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4 Legal Issues Brands Need to Understand Before Livestreaming on Periscope or Meerkat

It's easier than ever to create video—and headaches

That's Meerkat founder Ben Ruben on his own mobile platform, which comes with possible marketing pitfalls.

Social marketing has always seemed dangerous for brands, and that's simply because things can go badly in real time. We've all seen the #fails.

And now enter two live-streaming video apps that have everyone talking—Twitter's Periscope and Meerkat—which present even greater challenges, legal and otherwise, when compared to merely tweeting or posting Instagram photos. Industry observers advise caution with this new type of high-wire marketing.

"From a branding standpoint, livestreaming is an absolute train wreck in waiting," said Alan Chapell, a lawyer and head of his marketing consulting firm Chapell and Associates. "Somebody is going to screw up."

Indeed, what could happen when an alcohol brand shoots live video from an event or a marketer sets up a prank promotion capturing the unsuspecting public? What may occur when a celebrity's image or a copyrighted song is used? These have been constant questions for brands using social media and digital advertising in recent years, but the stakes are higher when video is involved, according to Chapell and other experts.

So, here are five things marketers should know to help them avoid accidentally wandering into a social-video disaster.

1. Celebrities could sue you
Ronald Urbach is an attorney focused on advertising and marketing and a co-chair at the firm Davis & Gilbert. He was reminded of actor Katherine Heigl's lawsuit against Walgreens for tweeting a picture of her at one of its Duane Reade stores. It was a $6 million lawsuit, settled out of court.

So what happens when a brand wants to livestream at an event attended by celebrities? The damages could be even larger than Heigl's demands when live marketing video is involved, Urbach said. "If it's a $6 million lawsuit over a photo, imagine what it would be for video content," the attorney said. "Video by definition has a broader audience."

Urbach said he's worked on lawsuits where celebrities have sued after becoming part of brands' social media efforts at live events like the Oscars and Grammys. So Urbach said marketers should be cautious filming at places like the red carpet or parades—or White House visits, for that matter.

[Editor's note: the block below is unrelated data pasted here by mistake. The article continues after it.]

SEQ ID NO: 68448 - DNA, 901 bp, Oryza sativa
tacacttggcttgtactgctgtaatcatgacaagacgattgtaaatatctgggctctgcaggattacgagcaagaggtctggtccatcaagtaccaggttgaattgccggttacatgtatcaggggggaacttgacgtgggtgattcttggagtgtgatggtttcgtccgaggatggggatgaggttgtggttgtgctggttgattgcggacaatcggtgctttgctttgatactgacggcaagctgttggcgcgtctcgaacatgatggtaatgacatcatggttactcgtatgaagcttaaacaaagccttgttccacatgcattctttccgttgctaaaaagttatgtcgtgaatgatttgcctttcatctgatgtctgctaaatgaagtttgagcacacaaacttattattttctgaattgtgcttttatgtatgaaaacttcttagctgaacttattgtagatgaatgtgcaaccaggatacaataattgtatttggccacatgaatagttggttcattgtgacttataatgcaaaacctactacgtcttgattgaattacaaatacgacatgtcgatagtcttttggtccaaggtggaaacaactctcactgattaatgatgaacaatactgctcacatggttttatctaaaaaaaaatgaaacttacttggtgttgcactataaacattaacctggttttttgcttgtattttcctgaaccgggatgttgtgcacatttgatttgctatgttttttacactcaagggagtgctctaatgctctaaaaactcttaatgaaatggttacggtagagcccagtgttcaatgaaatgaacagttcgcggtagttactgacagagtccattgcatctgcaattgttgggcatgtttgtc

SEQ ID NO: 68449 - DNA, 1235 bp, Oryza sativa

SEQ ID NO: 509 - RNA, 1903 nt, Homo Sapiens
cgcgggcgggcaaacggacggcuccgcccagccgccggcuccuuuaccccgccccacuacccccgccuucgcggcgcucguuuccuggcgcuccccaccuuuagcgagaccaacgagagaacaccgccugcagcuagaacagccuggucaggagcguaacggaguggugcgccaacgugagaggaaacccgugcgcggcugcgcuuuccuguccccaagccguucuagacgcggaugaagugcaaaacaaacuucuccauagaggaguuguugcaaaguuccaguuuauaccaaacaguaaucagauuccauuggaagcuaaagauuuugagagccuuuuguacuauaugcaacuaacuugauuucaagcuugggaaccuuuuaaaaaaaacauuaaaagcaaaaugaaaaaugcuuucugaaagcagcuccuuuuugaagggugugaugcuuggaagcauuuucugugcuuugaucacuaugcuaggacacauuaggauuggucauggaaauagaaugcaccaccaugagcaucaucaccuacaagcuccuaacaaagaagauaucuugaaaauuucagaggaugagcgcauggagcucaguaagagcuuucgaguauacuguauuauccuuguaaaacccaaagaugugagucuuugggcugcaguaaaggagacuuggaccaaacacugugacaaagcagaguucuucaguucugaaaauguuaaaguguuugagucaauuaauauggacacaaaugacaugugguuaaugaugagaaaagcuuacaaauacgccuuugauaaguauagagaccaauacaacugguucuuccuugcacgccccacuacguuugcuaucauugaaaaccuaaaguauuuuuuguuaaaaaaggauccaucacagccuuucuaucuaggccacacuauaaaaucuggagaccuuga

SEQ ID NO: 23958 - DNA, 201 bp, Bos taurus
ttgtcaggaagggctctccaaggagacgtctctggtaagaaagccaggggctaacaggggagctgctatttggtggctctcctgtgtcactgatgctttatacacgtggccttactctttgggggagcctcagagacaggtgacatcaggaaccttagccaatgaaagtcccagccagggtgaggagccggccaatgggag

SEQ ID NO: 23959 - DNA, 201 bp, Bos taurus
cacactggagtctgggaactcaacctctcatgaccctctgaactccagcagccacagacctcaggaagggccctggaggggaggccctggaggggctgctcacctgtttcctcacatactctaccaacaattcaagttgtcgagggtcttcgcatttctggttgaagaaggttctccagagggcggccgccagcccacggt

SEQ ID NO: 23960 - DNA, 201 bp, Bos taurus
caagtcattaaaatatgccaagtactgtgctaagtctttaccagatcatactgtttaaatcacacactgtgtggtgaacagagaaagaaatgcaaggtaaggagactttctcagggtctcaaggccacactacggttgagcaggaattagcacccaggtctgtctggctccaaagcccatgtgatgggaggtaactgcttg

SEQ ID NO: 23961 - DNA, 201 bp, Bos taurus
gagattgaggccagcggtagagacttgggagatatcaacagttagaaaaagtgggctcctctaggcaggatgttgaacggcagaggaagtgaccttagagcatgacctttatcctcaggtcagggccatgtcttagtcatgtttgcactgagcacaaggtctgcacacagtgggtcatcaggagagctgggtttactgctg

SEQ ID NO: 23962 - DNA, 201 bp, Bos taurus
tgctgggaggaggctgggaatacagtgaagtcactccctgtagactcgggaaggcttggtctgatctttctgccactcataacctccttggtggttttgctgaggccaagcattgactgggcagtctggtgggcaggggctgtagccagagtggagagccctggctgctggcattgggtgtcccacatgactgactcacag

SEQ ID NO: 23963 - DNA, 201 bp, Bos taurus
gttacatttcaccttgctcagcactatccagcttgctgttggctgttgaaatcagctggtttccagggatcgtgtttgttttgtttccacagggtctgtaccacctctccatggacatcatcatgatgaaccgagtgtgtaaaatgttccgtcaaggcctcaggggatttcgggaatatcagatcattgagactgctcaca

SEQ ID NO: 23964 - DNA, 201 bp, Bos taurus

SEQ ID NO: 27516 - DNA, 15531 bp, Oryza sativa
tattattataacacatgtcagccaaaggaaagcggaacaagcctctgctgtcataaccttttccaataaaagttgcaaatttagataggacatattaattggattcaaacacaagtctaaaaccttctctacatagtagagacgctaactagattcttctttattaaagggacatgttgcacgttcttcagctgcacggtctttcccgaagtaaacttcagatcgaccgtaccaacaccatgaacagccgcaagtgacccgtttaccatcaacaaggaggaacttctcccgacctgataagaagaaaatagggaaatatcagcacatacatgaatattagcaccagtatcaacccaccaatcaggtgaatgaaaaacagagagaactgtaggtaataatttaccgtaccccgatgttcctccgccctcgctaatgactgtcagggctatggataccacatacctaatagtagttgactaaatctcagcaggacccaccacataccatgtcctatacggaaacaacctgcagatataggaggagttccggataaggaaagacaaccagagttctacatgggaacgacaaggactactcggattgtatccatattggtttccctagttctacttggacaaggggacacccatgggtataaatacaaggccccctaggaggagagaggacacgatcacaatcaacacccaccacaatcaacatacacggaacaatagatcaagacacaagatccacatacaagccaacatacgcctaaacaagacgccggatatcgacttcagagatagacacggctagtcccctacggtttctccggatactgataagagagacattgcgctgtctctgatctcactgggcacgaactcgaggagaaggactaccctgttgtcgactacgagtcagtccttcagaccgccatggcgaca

2. Yes, you still need people to sign a release
Michael Krivicka is the co-founder of Thinkmodo, a marketing firm specializing in big stunts that surprise everyday consumers on video. So he has to deal with some of the legal issues that arise when putting regular people in your marketing. "Always get a release," he said. "You can't just put someone in a video or feature them in a closeup. They have to sign off."

He admits it would be tough to do his company's style of marketing on live video apps, because of the need to alert people that they are participants in real time. Since putting random people in your video could lead to trouble, and legal release forms are needed, marketers should plan ahead, so anyone who shows up knows they're being filmed, Krivicka said. So, before anyone pops into the frame, it's best to alert them, or avoid areas where random people are seen.

3. Frame your shot and control the situation
You need to be careful filming out in the real world, Krivicka said. There could be billboards for rival brands in the background or copyrighted songs blaring. "It should be a controlled environment," he said. "When you're live, anything can happen and anything becomes part of the stream."

4. Err on the side of caution 
Now that anyone can be a digital broadcaster, they should know the rules, Urbach said. "Think through some of the issues that may exist like defamation, libel and slander, who owns the content, the copyright, the trademark," he said. "If you're a brand marketer and this is commercial communication, you have to worry about the same things you have to worry about when you're doing a TV spot."

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